I first became a licensed amateur radio operator as a youngster in Illinois in 1960, as KN9AGL. After many happy months working crystal controlled CW in the din of the 40 m and 15 m Novice bands, I upgraded to General as K9AGL. Getting an education and building a career (tax accountant) cut into my activity as a ham over the years, but the magic of radio always stayed with me.
In the early 1980's I discovered contesting and enjoyed membership in the Southern California DX Club at a time when the great W6AM was active in the club. A visit to his "ranch" in Pacific Palisades was a great pleasure, seeing him at his operating position, one knob used to select the right rhombic antenna for any needed path, and looking through his QSL cards, which included one from every DXCC country that existed, and had EVER existed! He has remained as my ham radio hero.
In the mid 1990's my work took me back to Northern California, where my ham activities have been focused in two areas. My contributions to ham radio have centered around the Palo Alto Amateur Radio Association, PAARA (www.paara.org), the largest and most active ham club in the heart of Silicon Valley. The club was founded in 1937, the same year the Golden Gate Bridge first went into operation. I have been its Treasurer for many years, and have served the longest of any of the current officers of the club. Around the turn of the century I worked closely with our great Field Day guru, Gerry Tucker N6NV, to begin upgrading our Field Day efforts to a much higher standard of excellence and competitive success that it now enjoys under the leadership of both Doug Teter KG6LWE and Gerry Tucker N6NV, with the help of an excellent cast of dozens of dedicated members. I also ensured that the famous monthly PAARA raffle, administered by its expert Jim Rice K6AK, has always been properly licensed by the State of California.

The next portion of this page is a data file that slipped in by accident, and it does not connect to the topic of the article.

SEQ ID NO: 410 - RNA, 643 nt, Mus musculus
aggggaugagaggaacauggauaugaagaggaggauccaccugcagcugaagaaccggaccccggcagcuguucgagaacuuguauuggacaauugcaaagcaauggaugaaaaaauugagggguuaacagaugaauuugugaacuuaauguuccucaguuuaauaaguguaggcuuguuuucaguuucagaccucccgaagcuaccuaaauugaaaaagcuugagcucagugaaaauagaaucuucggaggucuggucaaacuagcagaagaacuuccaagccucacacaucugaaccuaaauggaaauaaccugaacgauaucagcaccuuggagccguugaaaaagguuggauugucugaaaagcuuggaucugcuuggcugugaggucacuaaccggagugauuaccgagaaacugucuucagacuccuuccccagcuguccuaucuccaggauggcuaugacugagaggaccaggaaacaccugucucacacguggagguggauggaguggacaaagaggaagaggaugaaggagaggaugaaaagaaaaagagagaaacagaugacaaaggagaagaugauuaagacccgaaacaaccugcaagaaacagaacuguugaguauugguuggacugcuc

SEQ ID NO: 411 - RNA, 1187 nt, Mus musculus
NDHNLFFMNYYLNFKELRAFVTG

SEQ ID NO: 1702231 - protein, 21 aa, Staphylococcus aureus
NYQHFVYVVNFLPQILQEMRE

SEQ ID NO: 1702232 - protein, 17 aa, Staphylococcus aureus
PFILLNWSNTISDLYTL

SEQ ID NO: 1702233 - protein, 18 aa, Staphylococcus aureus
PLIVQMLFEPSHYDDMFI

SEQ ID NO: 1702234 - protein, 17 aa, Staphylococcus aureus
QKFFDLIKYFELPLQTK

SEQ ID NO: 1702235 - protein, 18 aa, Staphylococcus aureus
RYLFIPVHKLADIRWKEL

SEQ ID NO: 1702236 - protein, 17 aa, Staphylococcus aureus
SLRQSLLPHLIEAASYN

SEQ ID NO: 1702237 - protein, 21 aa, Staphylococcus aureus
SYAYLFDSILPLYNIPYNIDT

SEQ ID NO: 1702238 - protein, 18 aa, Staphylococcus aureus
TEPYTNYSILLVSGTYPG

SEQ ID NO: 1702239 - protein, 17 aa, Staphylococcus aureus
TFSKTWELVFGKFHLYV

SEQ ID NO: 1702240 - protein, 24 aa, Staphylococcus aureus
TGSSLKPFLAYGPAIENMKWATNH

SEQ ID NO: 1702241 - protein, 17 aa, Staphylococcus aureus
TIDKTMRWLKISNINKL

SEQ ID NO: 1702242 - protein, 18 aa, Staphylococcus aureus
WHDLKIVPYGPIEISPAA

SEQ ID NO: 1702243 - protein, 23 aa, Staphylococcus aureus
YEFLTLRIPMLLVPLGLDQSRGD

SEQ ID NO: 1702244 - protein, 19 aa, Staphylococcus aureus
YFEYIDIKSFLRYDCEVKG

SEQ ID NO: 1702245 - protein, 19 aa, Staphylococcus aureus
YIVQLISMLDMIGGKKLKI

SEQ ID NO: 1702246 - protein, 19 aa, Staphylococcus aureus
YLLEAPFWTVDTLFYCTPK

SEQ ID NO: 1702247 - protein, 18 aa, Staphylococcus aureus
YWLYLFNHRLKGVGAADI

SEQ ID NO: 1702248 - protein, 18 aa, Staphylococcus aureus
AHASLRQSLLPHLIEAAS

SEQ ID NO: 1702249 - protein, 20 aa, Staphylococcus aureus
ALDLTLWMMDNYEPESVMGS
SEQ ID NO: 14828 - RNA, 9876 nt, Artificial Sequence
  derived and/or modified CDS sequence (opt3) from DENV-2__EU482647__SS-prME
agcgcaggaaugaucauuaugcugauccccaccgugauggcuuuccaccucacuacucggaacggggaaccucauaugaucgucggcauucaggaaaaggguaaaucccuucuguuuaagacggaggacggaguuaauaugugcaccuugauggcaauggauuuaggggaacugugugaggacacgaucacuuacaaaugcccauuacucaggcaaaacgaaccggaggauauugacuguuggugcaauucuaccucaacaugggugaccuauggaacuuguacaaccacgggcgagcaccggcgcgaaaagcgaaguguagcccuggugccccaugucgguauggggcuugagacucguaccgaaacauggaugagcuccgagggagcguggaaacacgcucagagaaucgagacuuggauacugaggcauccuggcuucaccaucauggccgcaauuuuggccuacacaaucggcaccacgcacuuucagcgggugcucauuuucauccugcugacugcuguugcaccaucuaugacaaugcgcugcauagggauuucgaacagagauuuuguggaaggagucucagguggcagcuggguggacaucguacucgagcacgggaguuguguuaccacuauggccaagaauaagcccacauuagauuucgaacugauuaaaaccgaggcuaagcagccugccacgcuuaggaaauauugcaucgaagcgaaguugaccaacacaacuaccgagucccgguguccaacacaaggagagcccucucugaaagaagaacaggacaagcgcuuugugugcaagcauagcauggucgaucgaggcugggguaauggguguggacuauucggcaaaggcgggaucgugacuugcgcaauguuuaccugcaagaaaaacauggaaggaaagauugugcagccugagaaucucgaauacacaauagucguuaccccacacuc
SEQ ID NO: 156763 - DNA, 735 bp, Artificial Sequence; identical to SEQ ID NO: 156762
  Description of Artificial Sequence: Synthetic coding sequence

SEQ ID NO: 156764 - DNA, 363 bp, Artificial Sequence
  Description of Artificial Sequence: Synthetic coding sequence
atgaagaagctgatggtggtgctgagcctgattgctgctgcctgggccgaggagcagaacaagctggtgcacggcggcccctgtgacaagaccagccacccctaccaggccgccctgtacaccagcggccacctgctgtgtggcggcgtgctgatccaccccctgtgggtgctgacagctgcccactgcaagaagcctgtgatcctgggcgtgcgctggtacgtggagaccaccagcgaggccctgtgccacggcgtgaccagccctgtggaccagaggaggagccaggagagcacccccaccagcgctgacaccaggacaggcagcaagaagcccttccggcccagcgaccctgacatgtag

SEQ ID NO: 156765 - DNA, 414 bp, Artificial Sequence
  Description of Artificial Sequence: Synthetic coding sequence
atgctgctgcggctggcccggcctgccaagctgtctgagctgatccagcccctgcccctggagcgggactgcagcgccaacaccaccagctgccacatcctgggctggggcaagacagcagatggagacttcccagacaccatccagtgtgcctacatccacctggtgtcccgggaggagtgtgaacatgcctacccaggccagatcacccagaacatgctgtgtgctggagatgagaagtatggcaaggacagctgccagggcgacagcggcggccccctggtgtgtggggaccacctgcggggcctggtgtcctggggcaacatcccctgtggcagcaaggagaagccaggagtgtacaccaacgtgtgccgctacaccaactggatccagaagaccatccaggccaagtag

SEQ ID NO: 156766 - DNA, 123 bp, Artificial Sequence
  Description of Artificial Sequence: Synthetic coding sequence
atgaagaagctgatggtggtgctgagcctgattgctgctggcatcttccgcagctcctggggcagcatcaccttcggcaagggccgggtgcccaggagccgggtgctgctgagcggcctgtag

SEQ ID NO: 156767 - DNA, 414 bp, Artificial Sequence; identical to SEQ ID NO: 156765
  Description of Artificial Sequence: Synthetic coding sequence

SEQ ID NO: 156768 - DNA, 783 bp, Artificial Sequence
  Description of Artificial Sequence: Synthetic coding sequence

My operating activities have mostly focused upon QRP CW operation, since I bought a Heath HW-8 while still living in Southern California, and then greatly expanded when I discovered the pioneering Norcal QRP Club at the height of its phenomenal success, when it sold kits designed by one of the two hams who eventually founded Elecraft.
If you believe it is necessary to have high power, a 70 foot tower, and a yagi antenna to work the world, I invite you to read about my successes using low power and a simple wire antenna up 10-14 feet in my attic.
Article link: ( http://qrp.kd4ab.org/2003/030306/0044.html ) Details on the Norcal Doublet antenna. ( http://www.norcalqrp.org/norcaldoublet.htm )
I was an early member of the North American QRP CW Club, NAQCC (www.naqcc.info), founded by John Shannon K3WWP, who should have been inducted into the QRP Hall of Fame many years ago. I like that it focuses upon CW, my favorite mode, as well as having an awards program that rewards those using only simple wire antennas. I am listed in a number of places on their awards page (http://www.naqcc.info/awards_winners.html ). My favorite is the KMPW 100 Award, which is for working at least 100 QSO's with over 1,000 miles per watt of power. I was the first person to ever submit a log for that award, although I was only given Certificate #3 because the two people who first came up with the idea for the award were given #1 & #2. I'm also one of only two who earned that award using only simple wire antennas. I was the fifth station to earn the QRP Worked All Continents award, with single band endorsements for 40 m, 20 m, and 15 m. I was the tenth station to earn the QRP Worked All States award.
I now spend many weeks each year in Thailand, my second home. My callsign in Thailand is HS0ZMD.
73 to all in ham radio. Keep up the good work!!
6171457 Last modified: 2015-07-16 00:21:10, 3996 bytes
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